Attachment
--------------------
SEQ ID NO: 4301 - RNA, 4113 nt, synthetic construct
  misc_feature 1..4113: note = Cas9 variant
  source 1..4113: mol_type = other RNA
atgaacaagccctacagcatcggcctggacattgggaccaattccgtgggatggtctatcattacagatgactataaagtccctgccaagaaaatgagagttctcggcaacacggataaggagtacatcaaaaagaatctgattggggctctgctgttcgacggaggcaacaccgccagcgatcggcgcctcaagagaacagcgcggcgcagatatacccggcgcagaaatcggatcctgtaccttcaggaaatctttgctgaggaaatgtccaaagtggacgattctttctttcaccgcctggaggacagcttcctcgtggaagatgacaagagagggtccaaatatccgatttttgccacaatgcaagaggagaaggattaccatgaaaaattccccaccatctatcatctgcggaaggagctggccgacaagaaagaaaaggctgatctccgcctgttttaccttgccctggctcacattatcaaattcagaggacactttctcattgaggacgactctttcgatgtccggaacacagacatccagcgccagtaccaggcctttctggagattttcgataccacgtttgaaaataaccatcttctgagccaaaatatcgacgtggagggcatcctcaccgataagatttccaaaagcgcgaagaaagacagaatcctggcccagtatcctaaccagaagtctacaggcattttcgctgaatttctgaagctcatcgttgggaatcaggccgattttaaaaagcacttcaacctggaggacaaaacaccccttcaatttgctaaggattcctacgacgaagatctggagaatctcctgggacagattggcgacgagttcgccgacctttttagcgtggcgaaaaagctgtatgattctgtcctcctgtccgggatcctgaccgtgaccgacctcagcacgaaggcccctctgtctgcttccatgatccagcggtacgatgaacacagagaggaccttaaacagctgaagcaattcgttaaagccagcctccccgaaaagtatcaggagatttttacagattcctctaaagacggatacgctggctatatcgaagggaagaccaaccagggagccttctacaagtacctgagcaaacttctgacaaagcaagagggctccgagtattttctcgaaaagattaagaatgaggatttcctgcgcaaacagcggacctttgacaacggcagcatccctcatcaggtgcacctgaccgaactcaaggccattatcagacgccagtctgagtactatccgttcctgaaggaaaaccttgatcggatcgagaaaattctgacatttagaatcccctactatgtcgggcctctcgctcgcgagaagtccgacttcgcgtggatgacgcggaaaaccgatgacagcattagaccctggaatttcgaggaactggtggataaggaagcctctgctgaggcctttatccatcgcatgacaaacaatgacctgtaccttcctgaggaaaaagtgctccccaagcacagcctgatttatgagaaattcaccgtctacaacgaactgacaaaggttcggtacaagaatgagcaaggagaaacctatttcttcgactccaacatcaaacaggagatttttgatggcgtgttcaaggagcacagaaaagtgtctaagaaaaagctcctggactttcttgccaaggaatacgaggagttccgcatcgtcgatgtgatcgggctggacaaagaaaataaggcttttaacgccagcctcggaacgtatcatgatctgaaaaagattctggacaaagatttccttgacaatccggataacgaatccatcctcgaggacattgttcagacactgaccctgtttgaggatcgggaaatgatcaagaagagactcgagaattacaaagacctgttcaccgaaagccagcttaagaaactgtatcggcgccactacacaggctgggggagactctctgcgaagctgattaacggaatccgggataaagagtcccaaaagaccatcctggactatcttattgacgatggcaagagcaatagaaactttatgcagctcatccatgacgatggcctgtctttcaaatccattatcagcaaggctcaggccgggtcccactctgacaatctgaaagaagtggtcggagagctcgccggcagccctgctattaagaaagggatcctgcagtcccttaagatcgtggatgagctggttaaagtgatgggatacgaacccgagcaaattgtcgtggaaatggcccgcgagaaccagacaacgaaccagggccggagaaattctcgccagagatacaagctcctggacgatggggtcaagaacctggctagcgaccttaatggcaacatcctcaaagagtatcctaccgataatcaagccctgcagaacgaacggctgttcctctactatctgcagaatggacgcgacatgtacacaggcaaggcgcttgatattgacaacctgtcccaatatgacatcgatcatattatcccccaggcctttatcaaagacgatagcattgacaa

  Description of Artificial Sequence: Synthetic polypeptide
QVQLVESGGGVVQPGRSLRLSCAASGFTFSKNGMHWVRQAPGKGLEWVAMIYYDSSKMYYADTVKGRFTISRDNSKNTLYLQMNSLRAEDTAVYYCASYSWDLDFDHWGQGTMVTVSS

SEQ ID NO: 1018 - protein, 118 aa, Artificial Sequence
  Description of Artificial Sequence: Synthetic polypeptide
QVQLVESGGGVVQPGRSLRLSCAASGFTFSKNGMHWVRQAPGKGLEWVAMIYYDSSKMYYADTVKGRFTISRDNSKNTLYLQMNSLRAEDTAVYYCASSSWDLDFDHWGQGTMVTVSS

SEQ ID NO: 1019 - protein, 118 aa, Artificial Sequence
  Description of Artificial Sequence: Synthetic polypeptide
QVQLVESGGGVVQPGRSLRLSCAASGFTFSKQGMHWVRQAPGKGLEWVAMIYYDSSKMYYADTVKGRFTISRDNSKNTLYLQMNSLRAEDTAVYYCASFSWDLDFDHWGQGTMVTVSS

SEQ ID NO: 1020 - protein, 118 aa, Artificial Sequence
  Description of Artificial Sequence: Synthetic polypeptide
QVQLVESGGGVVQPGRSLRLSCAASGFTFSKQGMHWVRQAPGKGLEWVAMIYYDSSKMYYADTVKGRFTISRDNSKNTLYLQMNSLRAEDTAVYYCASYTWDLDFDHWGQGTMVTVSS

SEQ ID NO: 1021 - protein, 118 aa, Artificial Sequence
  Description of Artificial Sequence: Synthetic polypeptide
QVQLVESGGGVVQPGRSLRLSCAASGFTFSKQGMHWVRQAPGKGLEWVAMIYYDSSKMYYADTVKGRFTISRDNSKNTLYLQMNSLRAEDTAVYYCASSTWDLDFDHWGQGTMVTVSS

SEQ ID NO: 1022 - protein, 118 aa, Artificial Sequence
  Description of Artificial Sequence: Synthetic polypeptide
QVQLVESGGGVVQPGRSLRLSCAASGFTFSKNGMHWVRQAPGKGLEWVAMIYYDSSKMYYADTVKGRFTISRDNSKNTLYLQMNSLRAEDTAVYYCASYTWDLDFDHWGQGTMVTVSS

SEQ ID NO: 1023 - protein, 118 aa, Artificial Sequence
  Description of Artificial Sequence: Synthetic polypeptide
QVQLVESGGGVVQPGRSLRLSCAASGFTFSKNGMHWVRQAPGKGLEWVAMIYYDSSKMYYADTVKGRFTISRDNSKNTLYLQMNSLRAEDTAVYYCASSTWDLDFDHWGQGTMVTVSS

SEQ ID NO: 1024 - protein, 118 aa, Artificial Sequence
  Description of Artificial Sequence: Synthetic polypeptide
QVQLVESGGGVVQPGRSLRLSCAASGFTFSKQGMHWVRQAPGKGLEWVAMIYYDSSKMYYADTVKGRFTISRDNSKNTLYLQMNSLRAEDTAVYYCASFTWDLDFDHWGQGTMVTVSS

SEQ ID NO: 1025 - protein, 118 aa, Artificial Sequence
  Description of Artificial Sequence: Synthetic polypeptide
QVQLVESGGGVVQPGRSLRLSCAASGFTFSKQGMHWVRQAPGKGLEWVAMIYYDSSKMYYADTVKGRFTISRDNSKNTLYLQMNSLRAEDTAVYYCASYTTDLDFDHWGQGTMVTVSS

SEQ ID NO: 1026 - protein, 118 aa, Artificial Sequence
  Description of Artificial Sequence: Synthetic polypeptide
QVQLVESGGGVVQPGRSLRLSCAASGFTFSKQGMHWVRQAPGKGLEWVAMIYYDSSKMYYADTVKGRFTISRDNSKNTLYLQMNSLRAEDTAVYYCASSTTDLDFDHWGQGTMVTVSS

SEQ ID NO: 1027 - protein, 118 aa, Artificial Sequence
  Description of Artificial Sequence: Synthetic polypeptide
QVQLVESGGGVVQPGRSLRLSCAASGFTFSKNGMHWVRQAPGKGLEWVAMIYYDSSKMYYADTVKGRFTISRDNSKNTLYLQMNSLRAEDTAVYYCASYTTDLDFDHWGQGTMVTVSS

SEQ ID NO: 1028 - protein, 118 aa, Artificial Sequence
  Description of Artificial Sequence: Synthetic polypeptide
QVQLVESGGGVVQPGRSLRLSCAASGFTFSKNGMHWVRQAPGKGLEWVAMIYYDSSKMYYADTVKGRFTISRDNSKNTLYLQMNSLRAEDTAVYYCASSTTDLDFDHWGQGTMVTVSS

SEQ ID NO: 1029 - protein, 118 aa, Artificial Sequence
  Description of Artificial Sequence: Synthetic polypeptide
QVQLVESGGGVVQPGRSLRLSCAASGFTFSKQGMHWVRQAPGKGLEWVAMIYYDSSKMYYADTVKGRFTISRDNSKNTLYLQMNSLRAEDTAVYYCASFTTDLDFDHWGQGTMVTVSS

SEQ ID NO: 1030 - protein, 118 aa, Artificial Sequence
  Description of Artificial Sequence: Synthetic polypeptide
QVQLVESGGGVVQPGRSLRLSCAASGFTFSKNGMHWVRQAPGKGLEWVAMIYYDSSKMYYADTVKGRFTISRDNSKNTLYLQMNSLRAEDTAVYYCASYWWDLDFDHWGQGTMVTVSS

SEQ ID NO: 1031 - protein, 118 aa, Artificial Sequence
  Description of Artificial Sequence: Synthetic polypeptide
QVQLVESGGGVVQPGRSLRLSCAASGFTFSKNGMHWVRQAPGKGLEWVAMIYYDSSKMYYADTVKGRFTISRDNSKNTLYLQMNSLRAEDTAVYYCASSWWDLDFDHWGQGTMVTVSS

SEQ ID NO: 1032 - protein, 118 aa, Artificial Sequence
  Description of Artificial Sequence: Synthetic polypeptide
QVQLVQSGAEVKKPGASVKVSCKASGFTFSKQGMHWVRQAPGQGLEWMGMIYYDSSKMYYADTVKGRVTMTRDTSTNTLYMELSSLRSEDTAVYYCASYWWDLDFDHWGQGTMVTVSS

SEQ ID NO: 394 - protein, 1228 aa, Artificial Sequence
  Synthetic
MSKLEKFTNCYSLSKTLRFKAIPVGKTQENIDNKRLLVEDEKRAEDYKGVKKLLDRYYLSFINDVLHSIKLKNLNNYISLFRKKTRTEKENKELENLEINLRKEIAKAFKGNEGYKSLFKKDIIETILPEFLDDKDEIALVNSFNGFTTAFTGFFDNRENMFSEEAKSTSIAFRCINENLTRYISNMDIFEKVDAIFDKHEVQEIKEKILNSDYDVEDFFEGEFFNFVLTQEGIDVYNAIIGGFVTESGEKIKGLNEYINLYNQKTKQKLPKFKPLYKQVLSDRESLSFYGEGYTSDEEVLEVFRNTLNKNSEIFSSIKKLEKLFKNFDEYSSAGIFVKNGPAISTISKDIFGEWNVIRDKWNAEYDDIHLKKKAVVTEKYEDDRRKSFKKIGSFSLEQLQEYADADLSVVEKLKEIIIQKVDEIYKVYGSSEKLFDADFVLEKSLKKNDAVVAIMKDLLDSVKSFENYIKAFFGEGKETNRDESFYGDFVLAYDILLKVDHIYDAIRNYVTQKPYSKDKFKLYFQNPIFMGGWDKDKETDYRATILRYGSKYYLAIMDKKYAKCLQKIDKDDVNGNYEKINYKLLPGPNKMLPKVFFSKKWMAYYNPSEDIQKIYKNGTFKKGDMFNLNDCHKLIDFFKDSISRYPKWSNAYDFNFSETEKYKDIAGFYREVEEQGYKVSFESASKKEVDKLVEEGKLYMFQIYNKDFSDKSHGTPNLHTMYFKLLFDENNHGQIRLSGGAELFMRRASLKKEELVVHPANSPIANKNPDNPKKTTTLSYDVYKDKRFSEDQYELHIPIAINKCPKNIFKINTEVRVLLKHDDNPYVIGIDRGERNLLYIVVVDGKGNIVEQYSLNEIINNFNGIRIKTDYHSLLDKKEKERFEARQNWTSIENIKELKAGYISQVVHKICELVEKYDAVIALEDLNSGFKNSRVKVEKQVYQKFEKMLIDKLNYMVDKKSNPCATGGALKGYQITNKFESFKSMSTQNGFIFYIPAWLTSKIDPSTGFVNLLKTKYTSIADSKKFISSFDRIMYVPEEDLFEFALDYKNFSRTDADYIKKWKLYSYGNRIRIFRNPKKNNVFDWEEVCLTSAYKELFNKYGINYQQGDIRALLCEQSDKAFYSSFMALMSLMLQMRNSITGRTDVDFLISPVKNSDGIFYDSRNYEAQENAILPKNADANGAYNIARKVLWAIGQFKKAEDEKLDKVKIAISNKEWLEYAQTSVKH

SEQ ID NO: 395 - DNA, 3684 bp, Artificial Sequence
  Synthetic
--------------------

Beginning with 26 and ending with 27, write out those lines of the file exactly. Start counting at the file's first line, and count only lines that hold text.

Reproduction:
  Description of Artificial Sequence: Synthetic polypeptide
QVQLVESGGGVVQPGRSLRLSCAASGFTFSKQGMHWVRQAPGKGLEWVAMIYYDSSKMYYADTVKGRFTISRDNSKNTLYLQMNSLRAEDTAVYYCASFTWDLDFDHWGQGTMVTVSS